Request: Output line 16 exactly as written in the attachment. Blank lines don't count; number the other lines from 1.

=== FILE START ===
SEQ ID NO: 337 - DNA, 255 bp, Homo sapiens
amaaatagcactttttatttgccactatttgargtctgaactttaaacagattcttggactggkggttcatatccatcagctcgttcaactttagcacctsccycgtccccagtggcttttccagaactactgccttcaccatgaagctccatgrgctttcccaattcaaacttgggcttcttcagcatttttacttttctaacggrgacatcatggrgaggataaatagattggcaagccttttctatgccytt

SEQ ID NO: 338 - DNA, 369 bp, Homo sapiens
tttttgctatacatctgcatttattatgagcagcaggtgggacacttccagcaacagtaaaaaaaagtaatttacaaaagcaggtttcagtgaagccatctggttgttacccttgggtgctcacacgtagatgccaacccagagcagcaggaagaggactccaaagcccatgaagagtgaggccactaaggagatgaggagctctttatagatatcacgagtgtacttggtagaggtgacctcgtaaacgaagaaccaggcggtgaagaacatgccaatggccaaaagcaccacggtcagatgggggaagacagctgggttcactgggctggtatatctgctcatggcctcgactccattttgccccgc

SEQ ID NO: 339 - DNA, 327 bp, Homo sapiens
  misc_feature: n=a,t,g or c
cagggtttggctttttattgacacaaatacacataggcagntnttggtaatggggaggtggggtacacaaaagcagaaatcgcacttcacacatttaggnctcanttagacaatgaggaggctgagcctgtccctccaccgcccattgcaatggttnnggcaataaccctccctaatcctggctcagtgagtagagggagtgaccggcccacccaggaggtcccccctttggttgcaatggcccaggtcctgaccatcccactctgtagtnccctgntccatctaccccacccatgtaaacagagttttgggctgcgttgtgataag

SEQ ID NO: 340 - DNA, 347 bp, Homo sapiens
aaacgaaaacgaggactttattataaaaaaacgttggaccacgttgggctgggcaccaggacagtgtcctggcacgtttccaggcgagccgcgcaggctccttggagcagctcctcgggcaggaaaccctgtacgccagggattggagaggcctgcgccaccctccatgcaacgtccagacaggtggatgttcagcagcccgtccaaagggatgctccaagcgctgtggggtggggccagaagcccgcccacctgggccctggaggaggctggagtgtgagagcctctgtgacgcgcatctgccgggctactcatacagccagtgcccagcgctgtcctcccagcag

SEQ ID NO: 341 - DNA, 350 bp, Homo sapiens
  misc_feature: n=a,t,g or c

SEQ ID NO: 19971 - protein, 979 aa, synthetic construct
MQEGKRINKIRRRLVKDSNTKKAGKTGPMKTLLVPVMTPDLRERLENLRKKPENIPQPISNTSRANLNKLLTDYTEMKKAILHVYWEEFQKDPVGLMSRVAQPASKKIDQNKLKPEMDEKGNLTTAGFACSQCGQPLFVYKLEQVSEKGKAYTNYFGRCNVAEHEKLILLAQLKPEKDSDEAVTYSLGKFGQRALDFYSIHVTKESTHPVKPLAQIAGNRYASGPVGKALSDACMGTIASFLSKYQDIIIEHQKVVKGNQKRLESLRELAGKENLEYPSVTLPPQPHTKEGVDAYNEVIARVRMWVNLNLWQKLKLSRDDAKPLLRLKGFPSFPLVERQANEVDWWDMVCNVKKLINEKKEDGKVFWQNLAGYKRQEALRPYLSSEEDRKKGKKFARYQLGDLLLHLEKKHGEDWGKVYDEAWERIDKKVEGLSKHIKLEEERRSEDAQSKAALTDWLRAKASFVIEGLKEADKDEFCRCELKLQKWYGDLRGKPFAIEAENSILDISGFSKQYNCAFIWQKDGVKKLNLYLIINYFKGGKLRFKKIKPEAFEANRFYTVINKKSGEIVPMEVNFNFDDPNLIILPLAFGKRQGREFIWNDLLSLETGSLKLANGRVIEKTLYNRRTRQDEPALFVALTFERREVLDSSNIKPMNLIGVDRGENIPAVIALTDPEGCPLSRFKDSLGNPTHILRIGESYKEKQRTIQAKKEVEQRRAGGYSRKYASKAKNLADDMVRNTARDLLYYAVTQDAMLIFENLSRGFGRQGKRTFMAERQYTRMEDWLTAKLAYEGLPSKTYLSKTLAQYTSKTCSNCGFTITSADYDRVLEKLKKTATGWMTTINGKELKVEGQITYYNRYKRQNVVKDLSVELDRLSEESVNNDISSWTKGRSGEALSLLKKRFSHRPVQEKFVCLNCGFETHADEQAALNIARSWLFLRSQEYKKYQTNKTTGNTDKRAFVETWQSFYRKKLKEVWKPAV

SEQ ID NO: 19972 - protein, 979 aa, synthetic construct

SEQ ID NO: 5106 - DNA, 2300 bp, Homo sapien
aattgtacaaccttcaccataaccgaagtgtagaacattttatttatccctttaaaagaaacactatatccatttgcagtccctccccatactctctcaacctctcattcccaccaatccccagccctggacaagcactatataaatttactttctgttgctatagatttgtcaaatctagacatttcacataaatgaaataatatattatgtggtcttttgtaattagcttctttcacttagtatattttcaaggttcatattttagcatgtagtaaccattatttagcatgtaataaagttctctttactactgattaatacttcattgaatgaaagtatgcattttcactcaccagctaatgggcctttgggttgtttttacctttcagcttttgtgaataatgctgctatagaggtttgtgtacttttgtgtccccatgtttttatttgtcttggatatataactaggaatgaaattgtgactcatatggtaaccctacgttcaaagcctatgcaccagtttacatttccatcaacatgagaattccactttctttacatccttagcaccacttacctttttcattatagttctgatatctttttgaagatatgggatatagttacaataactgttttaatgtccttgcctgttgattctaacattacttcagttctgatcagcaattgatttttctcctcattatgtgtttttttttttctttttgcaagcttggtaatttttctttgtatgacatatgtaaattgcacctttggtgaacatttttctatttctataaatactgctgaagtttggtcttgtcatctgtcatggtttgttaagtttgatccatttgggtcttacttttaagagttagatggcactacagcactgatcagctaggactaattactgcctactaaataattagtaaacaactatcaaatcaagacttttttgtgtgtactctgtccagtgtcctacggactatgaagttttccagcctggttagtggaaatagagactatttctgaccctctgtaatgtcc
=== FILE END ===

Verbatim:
aattgtacaaccttcaccataaccgaagtgtagaacattttatttatccctttaaaagaaacactatatccatttgcagtccctccccatactctctcaacctctcattcccaccaatccccagccctggacaagcactatataaatttactttctgttgctatagatttgtcaaatctagacatttcacataaatgaaataatatattatgtggtcttttgtaattagcttctttcacttagtatattttcaaggttcatattttagcatgtagtaaccattatttagcatgtaataaagttctctttactactgattaatacttcattgaatgaaagtatgcattttcactcaccagctaatgggcctttgggttgtttttacctttcagcttttgtgaataatgctgctatagaggtttgtgtacttttgtgtccccatgtttttatttgtcttggatatataactaggaatgaaattgtgactcatatggtaaccctacgttcaaagcctatgcaccagtttacatttccatcaacatgagaattccactttctttacatccttagcaccacttacctttttcattatagttctgatatctttttgaagatatgggatatagttacaataactgttttaatgtccttgcctgttgattctaacattacttcagttctgatcagcaattgatttttctcctcattatgtgtttttttttttctttttgcaagcttggtaatttttctttgtatgacatatgtaaattgcacctttggtgaacatttttctatttctataaatactgctgaagtttggtcttgtcatctgtcatggtttgttaagtttgatccatttgggtcttacttttaagagttagatggcactacagcactgatcagctaggactaattactgcctactaaataattagtaaacaactatcaaatcaagacttttttgtgtgtactctgtccagtgtcctacggactatgaagttttccagcctggttagtggaaatagagactatttctgaccctctgtaatgtcc